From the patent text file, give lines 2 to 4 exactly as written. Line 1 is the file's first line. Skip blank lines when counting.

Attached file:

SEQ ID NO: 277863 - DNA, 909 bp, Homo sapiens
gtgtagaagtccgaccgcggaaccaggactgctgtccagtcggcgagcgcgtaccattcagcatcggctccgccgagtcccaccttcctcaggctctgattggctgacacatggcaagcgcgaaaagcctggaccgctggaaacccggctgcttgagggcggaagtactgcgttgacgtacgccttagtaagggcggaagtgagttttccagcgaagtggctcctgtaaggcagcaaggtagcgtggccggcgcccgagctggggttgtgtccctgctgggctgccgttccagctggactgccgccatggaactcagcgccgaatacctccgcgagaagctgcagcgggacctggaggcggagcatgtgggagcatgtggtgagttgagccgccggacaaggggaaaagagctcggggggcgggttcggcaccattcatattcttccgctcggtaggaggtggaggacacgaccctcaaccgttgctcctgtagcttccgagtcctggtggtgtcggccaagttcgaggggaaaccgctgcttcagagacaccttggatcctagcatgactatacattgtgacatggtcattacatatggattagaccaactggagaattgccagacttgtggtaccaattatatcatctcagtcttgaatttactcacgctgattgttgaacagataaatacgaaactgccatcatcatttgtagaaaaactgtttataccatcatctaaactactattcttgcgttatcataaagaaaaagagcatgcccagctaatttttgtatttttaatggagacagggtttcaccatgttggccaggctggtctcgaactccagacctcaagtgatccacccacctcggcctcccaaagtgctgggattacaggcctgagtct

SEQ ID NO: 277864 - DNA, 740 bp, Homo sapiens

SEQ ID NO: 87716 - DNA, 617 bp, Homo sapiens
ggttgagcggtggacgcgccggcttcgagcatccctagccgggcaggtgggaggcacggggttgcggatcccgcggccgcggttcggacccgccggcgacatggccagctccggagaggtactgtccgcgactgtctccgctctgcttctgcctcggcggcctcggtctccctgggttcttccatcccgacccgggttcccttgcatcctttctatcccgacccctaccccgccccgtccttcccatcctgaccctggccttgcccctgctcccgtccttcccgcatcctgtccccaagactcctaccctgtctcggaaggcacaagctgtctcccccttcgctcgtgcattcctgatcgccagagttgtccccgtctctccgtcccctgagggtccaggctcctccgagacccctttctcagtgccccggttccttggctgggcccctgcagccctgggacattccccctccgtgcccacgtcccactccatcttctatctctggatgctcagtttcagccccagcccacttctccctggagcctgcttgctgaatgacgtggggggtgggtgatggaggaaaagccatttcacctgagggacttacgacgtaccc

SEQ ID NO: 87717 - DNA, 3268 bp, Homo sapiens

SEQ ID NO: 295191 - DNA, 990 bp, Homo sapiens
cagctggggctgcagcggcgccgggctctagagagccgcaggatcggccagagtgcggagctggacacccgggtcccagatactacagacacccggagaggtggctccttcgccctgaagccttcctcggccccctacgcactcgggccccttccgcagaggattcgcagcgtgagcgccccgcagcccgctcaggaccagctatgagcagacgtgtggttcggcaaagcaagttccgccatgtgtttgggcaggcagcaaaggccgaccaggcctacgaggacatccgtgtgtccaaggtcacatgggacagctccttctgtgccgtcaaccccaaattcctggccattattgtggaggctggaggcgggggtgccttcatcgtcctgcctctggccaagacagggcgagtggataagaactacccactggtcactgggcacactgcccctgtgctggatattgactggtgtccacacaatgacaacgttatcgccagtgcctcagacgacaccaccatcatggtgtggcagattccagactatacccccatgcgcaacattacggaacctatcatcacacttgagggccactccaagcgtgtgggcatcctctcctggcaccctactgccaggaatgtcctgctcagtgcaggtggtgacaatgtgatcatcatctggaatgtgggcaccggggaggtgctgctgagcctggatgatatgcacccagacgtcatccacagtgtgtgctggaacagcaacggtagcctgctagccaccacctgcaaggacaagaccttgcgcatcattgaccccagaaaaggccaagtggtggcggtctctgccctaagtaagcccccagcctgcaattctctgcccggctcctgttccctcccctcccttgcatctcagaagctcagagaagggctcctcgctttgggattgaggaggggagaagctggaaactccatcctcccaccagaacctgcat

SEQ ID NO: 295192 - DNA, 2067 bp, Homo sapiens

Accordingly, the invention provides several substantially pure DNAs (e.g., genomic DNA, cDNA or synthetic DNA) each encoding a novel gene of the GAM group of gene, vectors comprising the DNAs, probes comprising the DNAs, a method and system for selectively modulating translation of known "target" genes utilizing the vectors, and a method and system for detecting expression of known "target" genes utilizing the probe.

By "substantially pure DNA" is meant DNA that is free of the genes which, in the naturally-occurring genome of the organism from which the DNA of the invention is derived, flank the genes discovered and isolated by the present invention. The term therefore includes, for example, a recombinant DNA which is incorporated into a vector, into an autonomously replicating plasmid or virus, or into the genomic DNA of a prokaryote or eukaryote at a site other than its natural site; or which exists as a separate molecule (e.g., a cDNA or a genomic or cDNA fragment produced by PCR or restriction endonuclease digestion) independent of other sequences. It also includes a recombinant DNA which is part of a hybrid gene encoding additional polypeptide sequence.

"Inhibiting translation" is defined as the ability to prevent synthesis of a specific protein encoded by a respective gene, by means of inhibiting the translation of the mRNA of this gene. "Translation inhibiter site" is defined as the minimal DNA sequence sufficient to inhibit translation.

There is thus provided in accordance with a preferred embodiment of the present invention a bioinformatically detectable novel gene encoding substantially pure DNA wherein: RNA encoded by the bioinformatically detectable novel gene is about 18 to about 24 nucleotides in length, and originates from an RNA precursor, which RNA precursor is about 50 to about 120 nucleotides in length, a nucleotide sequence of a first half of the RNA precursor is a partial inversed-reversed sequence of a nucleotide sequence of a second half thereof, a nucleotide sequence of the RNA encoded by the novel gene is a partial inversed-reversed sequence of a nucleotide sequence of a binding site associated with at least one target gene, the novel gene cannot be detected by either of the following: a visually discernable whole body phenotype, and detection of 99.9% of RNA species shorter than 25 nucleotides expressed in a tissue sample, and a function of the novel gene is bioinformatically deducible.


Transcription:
gtgtagaagtccgaccgcggaaccaggactgctgtccagtcggcgagcgcgtaccattcagcatcggctccgccgagtcccaccttcctcaggctctgattggctgacacatggcaagcgcgaaaagcctggaccgctggaaacccggctgcttgagggcggaagtactgcgttgacgtacgccttagtaagggcggaagtgagttttccagcgaagtggctcctgtaaggcagcaaggtagcgtggccggcgcccgagctggggttgtgtccctgctgggctgccgttccagctggactgccgccatggaactcagcgccgaatacctccgcgagaagctgcagcgggacctggaggcggagcatgtgggagcatgtggtgagttgagccgccggacaaggggaaaagagctcggggggcgggttcggcaccattcatattcttccgctcggtaggaggtggaggacacgaccctcaaccgttgctcctgtagcttccgagtcctggtggtgtcggccaagttcgaggggaaaccgctgcttcagagacaccttggatcctagcatgactatacattgtgacatggtcattacatatggattagaccaactggagaattgccagacttgtggtaccaattatatcatctcagtcttgaatttactcacgctgattgttgaacagataaatacgaaactgccatcatcatttgtagaaaaactgtttataccatcatctaaactactattcttgcgttatcataaagaaaaagagcatgcccagctaatttttgtatttttaatggagacagggtttcaccatgttggccaggctggtctcgaactccagacctcaagtgatccacccacctcggcctcccaaagtgctgggattacaggcctgagtct

SEQ ID NO: 277864 - DNA, 740 bp, Homo sapiens

SEQ ID NO: 87716 - DNA, 617 bp, Homo sapiens